Our biophysical work utilizes kinetically resolved single molecule imaging, fluorescence correlation spectroscopy, ensemble spectroscopy, and electrochemistry to answer basic questions about how dynamical changes in biochemical state and protein structure are connected to biochemical function. In this regard, we combine both biophysical and materials chemistry to understand, in detail, how the machine-like properties of membrane proteins are related to the structure of the individual subunits, the conformations of different protein assembly, the allosteric motions of the different subunits relative to one another, and to determine the free energy changes that drive transitions between different structural states and conformations of the assembly (i.e. their machine-like properties). In this effort we have concentrated on gramicidin, bacteriorhodopsin, the serotonin type-3 receptor (5HT3), cytochrome P450 (2C9 and 3A4; with Dr. Jeff Jones, WSU), and cytochrome P450 reductaces (with Dr. Jeff Jones, WSU). The second project addresses the mechanics and mechanism of HIV-1 Reverse Transcriptase (with Dr. David Keller, UNM). For this study we have developed fluorescence probes and single molecule imaging techniques as well as much faster two channel (two different colors or two separate polarizations) time-correlated-single-photon-counting experiments to study the chemical and structural dynamics of single enzyme / protein / function and the function of more complex protein assemblies.
An interest in new and improved biosensors that probe small structural changes, substrate binding, fast kinetic processes, identification of biological molecules or particular structural states of biological molecules, and the states of biological membranes, is naturally derived from our biophysical research. To capitalize on this natural extension of our current research we have implemented a synergistic research program solely devoted to biosensor development. Our group’s primary interest in this area is; (1) the development of luminescence transduction schemes based on distance dependent phenomena, (2) development of new amplification schemes based upon a membrane disruption that is triggered by an analyte binding event, (3) bioadhesion to surfaces and surface bound receptors, and (4) new DNA and RNA barcoding technologies.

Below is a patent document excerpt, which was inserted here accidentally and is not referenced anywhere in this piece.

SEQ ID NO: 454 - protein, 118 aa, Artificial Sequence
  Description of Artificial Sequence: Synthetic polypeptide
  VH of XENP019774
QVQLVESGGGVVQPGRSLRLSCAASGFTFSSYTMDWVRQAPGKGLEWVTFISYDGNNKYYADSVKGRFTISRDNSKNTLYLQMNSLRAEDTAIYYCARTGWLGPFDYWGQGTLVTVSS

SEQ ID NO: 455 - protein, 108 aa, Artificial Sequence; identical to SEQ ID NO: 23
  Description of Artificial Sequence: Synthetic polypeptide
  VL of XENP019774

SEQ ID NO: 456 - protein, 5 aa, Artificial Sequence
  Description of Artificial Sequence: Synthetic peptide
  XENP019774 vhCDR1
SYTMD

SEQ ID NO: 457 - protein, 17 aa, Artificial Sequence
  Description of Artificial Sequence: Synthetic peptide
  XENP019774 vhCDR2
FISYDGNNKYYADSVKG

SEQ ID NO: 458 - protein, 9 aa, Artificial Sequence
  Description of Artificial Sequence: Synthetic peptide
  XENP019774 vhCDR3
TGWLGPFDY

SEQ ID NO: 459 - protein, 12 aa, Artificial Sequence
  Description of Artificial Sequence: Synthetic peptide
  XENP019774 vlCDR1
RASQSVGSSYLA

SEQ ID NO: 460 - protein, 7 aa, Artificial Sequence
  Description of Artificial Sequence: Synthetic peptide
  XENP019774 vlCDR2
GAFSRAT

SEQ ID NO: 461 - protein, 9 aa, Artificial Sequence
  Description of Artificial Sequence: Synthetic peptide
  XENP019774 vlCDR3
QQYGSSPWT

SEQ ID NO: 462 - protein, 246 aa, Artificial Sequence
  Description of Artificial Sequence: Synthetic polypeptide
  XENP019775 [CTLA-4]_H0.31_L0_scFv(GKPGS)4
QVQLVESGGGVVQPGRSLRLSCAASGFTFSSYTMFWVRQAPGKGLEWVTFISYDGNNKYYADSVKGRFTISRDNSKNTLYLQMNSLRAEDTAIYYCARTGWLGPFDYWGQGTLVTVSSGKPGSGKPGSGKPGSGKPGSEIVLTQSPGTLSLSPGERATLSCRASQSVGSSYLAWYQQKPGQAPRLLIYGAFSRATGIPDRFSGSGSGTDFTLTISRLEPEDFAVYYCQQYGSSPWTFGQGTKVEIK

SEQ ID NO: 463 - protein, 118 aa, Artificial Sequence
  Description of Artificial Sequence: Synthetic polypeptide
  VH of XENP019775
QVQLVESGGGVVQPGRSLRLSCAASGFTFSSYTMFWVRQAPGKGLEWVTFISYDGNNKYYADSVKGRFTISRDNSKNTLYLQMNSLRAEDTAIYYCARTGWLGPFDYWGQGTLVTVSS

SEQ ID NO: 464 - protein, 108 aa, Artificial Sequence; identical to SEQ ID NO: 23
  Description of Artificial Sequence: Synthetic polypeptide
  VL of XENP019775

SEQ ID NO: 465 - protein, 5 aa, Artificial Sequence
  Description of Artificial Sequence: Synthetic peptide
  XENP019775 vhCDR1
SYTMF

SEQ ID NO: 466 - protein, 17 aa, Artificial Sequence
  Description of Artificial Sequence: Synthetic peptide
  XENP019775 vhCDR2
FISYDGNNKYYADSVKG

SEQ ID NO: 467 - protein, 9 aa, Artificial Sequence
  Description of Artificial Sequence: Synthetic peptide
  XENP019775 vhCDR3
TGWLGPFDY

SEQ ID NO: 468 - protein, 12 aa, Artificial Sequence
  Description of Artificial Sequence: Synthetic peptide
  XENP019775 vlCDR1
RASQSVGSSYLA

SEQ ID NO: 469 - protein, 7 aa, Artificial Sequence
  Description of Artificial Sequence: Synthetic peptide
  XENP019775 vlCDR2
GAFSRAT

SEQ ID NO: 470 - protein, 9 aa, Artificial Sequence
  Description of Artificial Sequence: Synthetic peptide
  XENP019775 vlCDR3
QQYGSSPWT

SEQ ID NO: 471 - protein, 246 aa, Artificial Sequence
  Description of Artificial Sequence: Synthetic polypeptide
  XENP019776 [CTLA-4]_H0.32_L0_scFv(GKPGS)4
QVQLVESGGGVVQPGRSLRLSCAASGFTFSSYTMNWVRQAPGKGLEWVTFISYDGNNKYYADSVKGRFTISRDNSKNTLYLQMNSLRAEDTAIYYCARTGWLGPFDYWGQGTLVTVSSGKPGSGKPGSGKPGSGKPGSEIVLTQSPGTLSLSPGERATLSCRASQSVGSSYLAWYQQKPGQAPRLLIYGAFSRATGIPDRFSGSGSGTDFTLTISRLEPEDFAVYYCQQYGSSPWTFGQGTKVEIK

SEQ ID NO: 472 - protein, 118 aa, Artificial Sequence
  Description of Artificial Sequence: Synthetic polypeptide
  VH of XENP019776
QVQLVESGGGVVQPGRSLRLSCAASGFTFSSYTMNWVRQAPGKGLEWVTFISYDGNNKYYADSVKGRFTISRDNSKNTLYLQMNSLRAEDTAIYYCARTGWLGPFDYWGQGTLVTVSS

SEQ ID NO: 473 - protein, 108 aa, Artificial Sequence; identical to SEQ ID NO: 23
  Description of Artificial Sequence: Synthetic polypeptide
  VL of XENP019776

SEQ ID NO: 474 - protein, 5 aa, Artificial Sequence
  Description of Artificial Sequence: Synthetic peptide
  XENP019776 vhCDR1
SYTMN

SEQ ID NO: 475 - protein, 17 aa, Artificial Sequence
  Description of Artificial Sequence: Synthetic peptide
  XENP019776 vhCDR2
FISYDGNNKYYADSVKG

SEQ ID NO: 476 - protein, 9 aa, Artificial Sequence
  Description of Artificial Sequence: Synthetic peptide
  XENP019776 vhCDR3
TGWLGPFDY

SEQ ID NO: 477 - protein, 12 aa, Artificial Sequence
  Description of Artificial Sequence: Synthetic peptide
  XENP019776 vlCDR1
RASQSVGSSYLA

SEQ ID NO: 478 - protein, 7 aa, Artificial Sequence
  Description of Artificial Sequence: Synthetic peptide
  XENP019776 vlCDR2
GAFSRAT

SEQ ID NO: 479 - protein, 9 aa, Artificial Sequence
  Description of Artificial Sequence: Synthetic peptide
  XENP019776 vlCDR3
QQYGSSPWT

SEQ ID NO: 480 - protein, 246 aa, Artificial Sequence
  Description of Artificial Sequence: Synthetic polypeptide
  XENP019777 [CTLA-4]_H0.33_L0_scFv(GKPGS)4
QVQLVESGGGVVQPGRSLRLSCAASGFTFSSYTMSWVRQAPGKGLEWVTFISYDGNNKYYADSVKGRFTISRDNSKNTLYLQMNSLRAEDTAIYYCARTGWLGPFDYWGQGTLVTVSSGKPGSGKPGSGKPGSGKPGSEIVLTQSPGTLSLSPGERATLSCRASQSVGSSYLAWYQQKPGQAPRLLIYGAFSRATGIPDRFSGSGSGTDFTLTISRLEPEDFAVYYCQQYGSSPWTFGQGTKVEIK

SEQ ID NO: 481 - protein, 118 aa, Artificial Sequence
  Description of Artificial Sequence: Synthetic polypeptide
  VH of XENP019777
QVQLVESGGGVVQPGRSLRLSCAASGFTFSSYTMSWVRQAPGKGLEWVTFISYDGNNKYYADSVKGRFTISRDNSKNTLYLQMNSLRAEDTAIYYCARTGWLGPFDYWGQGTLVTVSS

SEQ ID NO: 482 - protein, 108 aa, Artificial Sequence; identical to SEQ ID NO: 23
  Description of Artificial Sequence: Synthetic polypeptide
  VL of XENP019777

Much of our research hinges on our ability (and even the adaptability) to design and build new optical based experiments. Throughout the lab’s history, we have designed and built time-resolved luminescence experiments that span from 100 fs to sec using photon counting, time-correlated-single-photon-counting, luminescence upconversion, and fluorescence correlation spectroscopy; a time-resolved infrared experiment in the nanosecond time regime; luminescence and Raman imaging experiments using home built spectrometers and high precision stages; a variety of microscopes that are suitable for single molecule fluorescence detection (confocal imaging with APD detection and wide-field through objective TIRF microscopy with ICCD and EMCCD cameras); cryogenic fiber optic based cryostats that are suitable for temperature dependent experiments from 2.1 K to room temperature; steady state luminescence spectroscopy with single photon counting detection; and Raman spectroscopy using CCD cameras. The optics lab is very adaptable. Experiments can be torn down and new experiments built as the need arises.
Our material science program is generally centered around the self-assembly of lipid bilayers on solid-supported planar substrates and nano-porous silica beads that are suitable platforms for biosensors and for biophysical studies of membrane proteins.